Benefit incidence analysis of government expenditure on education

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Education is essential for the development of a country because it facilitates the harnessing of the potentials of the human resource. The social and economic returns of education include employment, learning to be better people, socialization into modern sector life, high level of literacy, moral responsibility and discipline, less sickness and diseases, less medical expenditure, high level of productivity in all sectors, all leading to high standard of living. While Government of Ghana is spending huge sums of money on education, there is a low participation rate of educational programmes among the very poor and the poor. The result is inequitable distribution of government subsidy among the various income groups. This dissertation measures the distributional impact of government subsidies on education on the three income groups, namely, “the very poor, the poor, and the non-poor using the Benefit Incidence Analysis. This analysis measures the household participation rate based on household survey data. The dissertation shows that household participation rate is high among the non-poor, low among the poor, and very low among the very poor across the pre-school, primary school, junior secondary school and senior secondary school programmes. Using the consumer surplus measure, the study shows the following :(i) The non-poor income group that constitutes a small percentage of the population in the study area captures a disproportionately large percentage share (i.e. 69.2%) of the subsidy on education because of their high participation rate.(ii) The very poor and the poor income groups that constitute a large proportion of the population capture a very low percentage(i.e. 30.8%) of the subsidy because of their low participation rate in educational programmes. A consumer’s surplus of at least 0277,489.16 is enjoyed by a participant in the pre-school programme, 0373,321 .69 for the participant in the primary school programme, 0575,121.77 for the JSS programme and 01,350,113.16 for the SSS programmt The study also tested the hypothesis that Household Participation Rate (HPR) in educational programmes with Government Subsidy on education (GSE) is significantly different from Household Participation Rate (HPR) in educational programmes without GSE at 5% level of significance. The analytical model used HPR ( as dependent variable) and regressed on the independent variables (Educational attainments in codes of years (E), Ages of household heads (A), Income levels of households (Y), Dependants on household heads (D), and GSE. This produced an adjusted R2 of 0.86 which exerts a significantly positive influence on the model. The independent variables were all together significant at 5% level while GSE was the most statistically significant variable in determining HPR in educational programme. The signs of all the independent variables met the a priori expectations. The results have possible implications for government to provide, in addition to the universal subsidies, selected subsidies to target the very poor and the poor. This provides more avenues for these income groups to increase their access and participation in educational programmes which would ensure the promotion of equity in the distribution of government subsidy. This would ensure a balanced and integrated development of the human resource of the entire Ghanaian economy.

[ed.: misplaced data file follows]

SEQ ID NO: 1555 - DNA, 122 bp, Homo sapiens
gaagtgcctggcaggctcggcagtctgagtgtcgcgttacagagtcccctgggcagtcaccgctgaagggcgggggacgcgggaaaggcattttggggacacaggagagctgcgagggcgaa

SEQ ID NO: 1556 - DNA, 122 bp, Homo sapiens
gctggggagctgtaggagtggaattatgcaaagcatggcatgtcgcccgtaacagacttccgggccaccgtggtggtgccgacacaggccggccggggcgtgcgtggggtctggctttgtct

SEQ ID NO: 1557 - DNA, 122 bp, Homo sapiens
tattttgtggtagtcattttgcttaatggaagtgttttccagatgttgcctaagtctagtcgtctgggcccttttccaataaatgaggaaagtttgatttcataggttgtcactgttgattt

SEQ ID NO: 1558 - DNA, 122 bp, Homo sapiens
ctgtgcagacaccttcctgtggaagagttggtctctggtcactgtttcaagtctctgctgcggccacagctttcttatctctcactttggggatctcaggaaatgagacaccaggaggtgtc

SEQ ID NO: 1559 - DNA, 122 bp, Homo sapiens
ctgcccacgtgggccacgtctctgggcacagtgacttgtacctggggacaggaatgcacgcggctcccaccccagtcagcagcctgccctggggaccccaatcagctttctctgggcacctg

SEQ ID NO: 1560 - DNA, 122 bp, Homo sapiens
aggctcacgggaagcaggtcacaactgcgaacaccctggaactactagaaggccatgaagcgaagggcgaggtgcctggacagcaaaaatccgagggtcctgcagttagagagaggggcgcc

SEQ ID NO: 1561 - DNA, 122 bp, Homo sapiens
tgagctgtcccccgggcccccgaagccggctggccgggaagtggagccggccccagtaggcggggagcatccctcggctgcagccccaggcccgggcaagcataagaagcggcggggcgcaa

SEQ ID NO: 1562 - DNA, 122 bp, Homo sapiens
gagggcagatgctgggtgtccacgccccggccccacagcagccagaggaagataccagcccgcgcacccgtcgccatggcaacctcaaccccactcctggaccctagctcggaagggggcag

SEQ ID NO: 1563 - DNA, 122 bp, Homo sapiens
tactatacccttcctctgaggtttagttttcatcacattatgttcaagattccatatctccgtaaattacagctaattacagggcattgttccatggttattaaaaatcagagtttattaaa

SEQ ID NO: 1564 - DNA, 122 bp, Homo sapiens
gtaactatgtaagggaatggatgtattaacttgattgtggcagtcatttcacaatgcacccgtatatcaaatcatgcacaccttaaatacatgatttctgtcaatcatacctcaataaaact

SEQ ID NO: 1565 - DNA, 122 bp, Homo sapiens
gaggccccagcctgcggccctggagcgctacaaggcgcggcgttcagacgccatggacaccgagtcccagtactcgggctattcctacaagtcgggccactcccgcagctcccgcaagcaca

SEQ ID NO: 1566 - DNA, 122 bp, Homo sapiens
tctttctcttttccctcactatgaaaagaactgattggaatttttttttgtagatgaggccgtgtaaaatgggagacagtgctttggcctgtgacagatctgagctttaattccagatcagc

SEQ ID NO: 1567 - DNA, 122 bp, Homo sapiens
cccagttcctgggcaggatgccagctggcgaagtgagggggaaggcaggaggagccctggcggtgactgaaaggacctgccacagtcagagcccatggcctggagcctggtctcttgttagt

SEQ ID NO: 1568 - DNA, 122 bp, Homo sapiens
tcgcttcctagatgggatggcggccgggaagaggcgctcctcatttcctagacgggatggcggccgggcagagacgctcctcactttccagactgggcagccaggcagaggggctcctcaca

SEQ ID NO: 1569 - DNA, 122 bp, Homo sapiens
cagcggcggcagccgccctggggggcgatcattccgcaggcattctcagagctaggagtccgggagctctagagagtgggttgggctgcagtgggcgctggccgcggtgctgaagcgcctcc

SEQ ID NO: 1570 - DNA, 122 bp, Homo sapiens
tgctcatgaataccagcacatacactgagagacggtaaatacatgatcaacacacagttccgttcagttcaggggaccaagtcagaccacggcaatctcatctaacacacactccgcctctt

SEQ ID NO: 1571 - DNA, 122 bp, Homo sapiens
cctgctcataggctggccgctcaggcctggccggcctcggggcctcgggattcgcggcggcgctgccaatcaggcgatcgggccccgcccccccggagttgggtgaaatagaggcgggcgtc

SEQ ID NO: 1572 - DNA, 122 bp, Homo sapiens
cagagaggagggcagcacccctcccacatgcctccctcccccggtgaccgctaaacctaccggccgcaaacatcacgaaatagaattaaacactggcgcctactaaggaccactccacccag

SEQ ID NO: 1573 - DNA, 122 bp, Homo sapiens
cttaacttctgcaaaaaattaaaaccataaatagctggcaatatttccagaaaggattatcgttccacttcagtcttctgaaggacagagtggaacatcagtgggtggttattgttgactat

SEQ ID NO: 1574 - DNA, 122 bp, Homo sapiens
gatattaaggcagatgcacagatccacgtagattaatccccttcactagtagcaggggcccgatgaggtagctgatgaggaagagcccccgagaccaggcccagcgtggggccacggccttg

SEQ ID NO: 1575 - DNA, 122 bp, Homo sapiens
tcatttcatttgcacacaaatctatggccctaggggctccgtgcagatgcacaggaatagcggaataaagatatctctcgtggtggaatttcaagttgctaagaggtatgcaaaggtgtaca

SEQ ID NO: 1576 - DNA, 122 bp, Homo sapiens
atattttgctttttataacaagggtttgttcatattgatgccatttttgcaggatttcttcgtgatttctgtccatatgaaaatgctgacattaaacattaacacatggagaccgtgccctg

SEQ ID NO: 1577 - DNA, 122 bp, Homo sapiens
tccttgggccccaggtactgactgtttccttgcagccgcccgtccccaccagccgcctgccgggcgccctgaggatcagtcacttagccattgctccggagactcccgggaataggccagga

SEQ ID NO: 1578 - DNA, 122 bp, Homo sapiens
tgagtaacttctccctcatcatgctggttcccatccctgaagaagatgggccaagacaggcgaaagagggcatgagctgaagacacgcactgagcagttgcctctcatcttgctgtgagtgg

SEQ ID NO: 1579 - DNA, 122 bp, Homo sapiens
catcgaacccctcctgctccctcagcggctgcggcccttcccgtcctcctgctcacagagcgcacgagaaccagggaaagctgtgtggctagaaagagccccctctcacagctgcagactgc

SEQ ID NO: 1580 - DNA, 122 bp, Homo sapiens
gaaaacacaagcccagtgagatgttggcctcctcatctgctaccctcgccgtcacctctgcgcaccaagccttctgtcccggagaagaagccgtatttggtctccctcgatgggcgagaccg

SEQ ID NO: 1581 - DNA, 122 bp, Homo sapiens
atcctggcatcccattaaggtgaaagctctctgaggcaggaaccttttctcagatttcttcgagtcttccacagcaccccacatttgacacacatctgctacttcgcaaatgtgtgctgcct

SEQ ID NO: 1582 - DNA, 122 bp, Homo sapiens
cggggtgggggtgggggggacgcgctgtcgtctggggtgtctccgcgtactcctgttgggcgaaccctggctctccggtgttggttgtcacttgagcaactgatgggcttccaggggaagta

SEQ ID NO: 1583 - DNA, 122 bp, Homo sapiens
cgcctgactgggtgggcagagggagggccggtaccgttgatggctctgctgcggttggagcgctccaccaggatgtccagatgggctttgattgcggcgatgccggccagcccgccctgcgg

A thesis presented to the Department of Economics and Industrial Management, Kwame Nkrumah University of Science and Technology in partial fulfilment of the requirements for the award of Master of Arts degree in Economics, 2005